The reason is simple: evaluating genealogical information is extraordinarily difficult if there is no consistent naming record from generation to generation. Standardized naming systems are probably oldest in China; in the time of the Shang Dynasty surnames had become patrilineal. Confucious's family tree is supposedly 80 generations in depth. But in the 5th century, the use of family names was unusual in the Eastern Roman Empire, and they weren't used at all in Western Europe when the empire fell. The practice started gaining popularity in the 9th or 10th century around the Caucasus in Eastern Europe, and began to spread west. The first known use of a surname in the British Isles was in Ireland, in 916. It was the Domesday Book in 1086 and the advent of taxation by the Normans that led England to start to see consistent surnames, but it was still rare into the 13th century. It would be another century or two before the practice had gained popular ground in the British Isles, and some Scandinavian countries didn't move away from patronymics until the 18th century. It wasn't until the early 19th century, and a decree by Napoleon, that the then-French-annexed Netherlands had to adopt and register distinct surnames.

So Tom's point that "any [15th generation ancestor] would have so little bearing on heredity as to be meaningless" is well-taken. I'm as much or more geneticist as genealogist, and I admit I blank-out and begin thinking about what bills are due or what to make for dinner when the topic is a family tree that's, say, 25 generations old. In the case of Western European descent it's almost impossible to prove, and it makes so much more sense to me to pay most attention to, as Susan points out, the accuracy and breadth of the most recent 10 or so generations. I don't know why WikiTree decided to make the Family List and Dynamic Tree go only to 15 generations, but since that should put us back about the mid-1500s I think it's a reasonable demarcation point.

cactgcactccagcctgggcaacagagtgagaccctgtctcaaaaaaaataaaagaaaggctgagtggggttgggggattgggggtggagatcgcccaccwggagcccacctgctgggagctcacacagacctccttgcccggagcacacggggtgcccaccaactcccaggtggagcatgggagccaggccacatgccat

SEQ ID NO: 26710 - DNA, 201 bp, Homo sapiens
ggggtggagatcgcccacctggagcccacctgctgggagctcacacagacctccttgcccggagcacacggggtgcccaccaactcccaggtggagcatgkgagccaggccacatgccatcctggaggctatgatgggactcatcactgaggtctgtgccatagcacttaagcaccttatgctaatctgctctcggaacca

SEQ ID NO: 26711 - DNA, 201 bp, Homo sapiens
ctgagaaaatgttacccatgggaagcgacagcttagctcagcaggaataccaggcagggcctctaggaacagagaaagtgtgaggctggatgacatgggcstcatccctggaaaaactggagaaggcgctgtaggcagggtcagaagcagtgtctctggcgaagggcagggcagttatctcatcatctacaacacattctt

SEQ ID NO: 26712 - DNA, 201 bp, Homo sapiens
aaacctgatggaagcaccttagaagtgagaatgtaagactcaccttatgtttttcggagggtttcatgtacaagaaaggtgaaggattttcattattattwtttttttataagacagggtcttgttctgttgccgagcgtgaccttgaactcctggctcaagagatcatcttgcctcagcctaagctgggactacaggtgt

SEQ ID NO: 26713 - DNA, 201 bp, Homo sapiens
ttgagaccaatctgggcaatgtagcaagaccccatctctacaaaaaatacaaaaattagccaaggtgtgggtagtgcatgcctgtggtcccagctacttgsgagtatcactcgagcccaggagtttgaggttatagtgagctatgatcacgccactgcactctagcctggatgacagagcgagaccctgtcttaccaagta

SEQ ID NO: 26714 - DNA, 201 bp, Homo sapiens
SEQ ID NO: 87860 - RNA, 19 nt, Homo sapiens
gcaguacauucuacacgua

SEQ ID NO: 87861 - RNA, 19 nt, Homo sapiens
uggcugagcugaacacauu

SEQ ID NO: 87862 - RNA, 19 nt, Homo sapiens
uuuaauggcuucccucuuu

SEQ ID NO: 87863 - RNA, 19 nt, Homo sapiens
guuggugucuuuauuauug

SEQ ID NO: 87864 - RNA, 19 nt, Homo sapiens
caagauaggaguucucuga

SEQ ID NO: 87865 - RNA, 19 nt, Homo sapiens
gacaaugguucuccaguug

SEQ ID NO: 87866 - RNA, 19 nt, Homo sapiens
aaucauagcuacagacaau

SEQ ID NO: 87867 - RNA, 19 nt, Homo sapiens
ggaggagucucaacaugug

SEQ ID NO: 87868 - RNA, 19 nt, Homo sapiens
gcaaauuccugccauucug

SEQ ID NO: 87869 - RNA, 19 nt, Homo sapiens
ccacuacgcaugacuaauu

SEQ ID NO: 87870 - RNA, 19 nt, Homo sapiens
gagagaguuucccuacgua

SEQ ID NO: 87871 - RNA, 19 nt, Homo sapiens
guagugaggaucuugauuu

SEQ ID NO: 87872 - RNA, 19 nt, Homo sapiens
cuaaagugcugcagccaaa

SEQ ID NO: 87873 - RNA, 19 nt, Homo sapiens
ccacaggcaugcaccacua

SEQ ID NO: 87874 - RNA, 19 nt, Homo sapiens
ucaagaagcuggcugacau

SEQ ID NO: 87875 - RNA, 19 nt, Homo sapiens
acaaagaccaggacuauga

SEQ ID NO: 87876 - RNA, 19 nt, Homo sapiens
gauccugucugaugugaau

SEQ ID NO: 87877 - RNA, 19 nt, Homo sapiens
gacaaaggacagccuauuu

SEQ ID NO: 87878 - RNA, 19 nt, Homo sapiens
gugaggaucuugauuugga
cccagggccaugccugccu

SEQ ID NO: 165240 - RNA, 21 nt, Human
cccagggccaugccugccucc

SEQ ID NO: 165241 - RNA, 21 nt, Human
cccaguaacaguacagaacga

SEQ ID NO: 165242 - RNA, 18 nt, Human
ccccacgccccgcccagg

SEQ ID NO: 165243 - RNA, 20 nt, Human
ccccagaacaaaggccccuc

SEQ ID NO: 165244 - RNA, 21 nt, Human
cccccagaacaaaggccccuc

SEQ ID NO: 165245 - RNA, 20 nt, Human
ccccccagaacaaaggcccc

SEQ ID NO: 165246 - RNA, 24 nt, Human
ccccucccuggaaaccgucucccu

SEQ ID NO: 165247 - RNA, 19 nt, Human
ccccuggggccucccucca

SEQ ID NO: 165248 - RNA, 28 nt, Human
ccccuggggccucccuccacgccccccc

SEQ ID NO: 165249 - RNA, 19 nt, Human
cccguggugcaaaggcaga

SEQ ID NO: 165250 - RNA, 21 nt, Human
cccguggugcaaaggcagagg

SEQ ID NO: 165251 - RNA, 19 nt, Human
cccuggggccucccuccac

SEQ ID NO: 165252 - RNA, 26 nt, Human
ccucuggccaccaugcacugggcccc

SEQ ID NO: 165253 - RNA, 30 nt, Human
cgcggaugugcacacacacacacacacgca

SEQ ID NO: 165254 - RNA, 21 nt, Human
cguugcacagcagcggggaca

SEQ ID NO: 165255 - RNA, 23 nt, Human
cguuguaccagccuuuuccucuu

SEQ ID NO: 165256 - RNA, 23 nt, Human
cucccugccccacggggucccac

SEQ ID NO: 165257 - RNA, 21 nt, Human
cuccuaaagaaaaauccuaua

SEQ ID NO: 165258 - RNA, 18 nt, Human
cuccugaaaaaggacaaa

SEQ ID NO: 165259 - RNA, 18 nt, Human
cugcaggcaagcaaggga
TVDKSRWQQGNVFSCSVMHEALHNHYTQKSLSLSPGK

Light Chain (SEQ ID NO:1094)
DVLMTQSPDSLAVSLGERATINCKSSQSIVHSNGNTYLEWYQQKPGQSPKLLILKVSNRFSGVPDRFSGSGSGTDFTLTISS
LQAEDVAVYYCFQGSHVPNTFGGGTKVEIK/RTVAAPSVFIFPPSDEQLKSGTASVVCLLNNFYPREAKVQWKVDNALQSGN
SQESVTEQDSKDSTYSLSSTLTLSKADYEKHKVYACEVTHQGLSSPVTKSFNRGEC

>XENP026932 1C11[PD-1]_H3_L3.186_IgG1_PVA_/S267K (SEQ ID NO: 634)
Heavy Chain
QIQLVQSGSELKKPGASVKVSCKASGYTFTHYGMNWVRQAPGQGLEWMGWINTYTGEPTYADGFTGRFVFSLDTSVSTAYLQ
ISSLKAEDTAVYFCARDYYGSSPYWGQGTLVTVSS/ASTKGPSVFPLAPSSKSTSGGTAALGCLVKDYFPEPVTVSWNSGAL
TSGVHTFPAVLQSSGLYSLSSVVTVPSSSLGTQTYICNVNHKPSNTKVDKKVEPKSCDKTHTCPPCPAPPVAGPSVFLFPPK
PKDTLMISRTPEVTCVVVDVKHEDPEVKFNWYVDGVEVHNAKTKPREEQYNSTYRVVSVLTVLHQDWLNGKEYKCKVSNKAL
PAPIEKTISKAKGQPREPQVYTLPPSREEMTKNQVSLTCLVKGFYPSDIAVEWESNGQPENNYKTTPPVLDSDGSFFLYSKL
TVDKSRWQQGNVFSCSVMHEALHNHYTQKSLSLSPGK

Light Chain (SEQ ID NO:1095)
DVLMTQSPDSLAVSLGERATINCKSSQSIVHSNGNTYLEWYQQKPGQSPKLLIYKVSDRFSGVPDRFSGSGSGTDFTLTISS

As Susan said, though, adding the "improvements" tag to the question would bring it to the attention of the folks who could look at possibly extending the reports beyond 15 generations.

by Edison Williams G2G6 Pilot (273k points)
Another point to consider on the Chart of Descendants / Ancestors and the Family List is that those are displaying only the paper trail. They do not depend on any of the DNA test results that may have been posted. The profiles include the proven as well as the unproven in terms of DNA.

So DNA "peters" out in terms of the bits that identify us as possibly or probably related; the DNA itself does not disappear, if you are born you have DNA. That was also mentioned.